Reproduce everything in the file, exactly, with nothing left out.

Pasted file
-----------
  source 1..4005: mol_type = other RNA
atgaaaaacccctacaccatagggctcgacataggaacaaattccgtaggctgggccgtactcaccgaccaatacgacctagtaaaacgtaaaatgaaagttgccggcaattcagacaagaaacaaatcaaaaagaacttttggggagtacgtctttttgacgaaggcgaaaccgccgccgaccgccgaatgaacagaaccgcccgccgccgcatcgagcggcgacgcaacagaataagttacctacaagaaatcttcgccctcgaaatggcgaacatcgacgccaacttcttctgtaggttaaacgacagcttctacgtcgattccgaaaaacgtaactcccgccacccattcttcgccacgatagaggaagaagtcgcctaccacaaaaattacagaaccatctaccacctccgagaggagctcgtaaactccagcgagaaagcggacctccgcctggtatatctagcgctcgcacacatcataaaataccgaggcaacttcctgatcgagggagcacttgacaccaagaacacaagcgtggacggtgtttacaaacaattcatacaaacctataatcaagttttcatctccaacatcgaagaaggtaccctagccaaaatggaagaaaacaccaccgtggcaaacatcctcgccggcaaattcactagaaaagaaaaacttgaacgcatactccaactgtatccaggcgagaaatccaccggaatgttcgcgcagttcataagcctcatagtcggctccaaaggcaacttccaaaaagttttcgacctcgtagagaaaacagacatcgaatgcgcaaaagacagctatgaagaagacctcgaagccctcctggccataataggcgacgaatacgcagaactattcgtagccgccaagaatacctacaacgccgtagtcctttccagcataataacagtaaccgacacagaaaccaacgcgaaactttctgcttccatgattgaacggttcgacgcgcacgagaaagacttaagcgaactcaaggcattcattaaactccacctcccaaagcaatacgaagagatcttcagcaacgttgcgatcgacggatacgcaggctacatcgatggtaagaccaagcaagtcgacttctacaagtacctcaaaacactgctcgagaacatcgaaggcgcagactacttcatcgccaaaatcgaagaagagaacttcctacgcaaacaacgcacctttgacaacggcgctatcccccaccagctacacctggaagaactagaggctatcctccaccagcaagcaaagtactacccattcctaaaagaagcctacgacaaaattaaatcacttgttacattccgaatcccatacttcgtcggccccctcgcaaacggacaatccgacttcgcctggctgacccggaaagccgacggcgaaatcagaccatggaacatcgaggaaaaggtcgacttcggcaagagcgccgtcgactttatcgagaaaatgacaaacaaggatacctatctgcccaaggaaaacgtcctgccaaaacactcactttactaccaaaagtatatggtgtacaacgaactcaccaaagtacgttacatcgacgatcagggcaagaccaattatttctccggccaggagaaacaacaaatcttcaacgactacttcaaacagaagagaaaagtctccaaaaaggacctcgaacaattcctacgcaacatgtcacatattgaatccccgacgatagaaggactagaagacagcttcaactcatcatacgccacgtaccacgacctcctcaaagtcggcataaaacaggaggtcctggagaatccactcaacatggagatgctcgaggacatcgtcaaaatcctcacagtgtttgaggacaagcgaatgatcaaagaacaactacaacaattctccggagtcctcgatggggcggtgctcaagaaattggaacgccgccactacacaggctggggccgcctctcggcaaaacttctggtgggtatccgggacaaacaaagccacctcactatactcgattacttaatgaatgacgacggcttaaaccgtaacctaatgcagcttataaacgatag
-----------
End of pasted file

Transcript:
  source 1..4005: mol_type = other RNA
atgaaaaacccctacaccatagggctcgacataggaacaaattccgtaggctgggccgtactcaccgaccaatacgacctagtaaaacgtaaaatgaaagttgccggcaattcagacaagaaacaaatcaaaaagaacttttggggagtacgtctttttgacgaaggcgaaaccgccgccgaccgccgaatgaacagaaccgcccgccgccgcatcgagcggcgacgcaacagaataagttacctacaagaaatcttcgccctcgaaatggcgaacatcgacgccaacttcttctgtaggttaaacgacagcttctacgtcgattccgaaaaacgtaactcccgccacccattcttcgccacgatagaggaagaagtcgcctaccacaaaaattacagaaccatctaccacctccgagaggagctcgtaaactccagcgagaaagcggacctccgcctggtatatctagcgctcgcacacatcataaaataccgaggcaacttcctgatcgagggagcacttgacaccaagaacacaagcgtggacggtgtttacaaacaattcatacaaacctataatcaagttttcatctccaacatcgaagaaggtaccctagccaaaatggaagaaaacaccaccgtggcaaacatcctcgccggcaaattcactagaaaagaaaaacttgaacgcatactccaactgtatccaggcgagaaatccaccggaatgttcgcgcagttcataagcctcatagtcggctccaaaggcaacttccaaaaagttttcgacctcgtagagaaaacagacatcgaatgcgcaaaagacagctatgaagaagacctcgaagccctcctggccataataggcgacgaatacgcagaactattcgtagccgccaagaatacctacaacgccgtagtcctttccagcataataacagtaaccgacacagaaaccaacgcgaaactttctgcttccatgattgaacggttcgacgcgcacgagaaagacttaagcgaactcaaggcattcattaaactccacctcccaaagcaatacgaagagatcttcagcaacgttgcgatcgacggatacgcaggctacatcgatggtaagaccaagcaagtcgacttctacaagtacctcaaaacactgctcgagaacatcgaaggcgcagactacttcatcgccaaaatcgaagaagagaacttcctacgcaaacaacgcacctttgacaacggcgctatcccccaccagctacacctggaagaactagaggctatcctccaccagcaagcaaagtactacccattcctaaaagaagcctacgacaaaattaaatcacttgttacattccgaatcccatacttcgtcggccccctcgcaaacggacaatccgacttcgcctggctgacccggaaagccgacggcgaaatcagaccatggaacatcgaggaaaaggtcgacttcggcaagagcgccgtcgactttatcgagaaaatgacaaacaaggatacctatctgcccaaggaaaacgtcctgccaaaacactcactttactaccaaaagtatatggtgtacaacgaactcaccaaagtacgttacatcgacgatcagggcaagaccaattatttctccggccaggagaaacaacaaatcttcaacgactacttcaaacagaagagaaaagtctccaaaaaggacctcgaacaattcctacgcaacatgtcacatattgaatccccgacgatagaaggactagaagacagcttcaactcatcatacgccacgtaccacgacctcctcaaagtcggcataaaacaggaggtcctggagaatccactcaacatggagatgctcgaggacatcgtcaaaatcctcacagtgtttgaggacaagcgaatgatcaaagaacaactacaacaattctccggagtcctcgatggggcggtgctcaagaaattggaacgccgccactacacaggctggggccgcctctcggcaaaacttctggtgggtatccgggacaaacaaagccacctcactatactcgattacttaatgaatgacgacggcttaaaccgtaacctaatgcagcttataaacgatag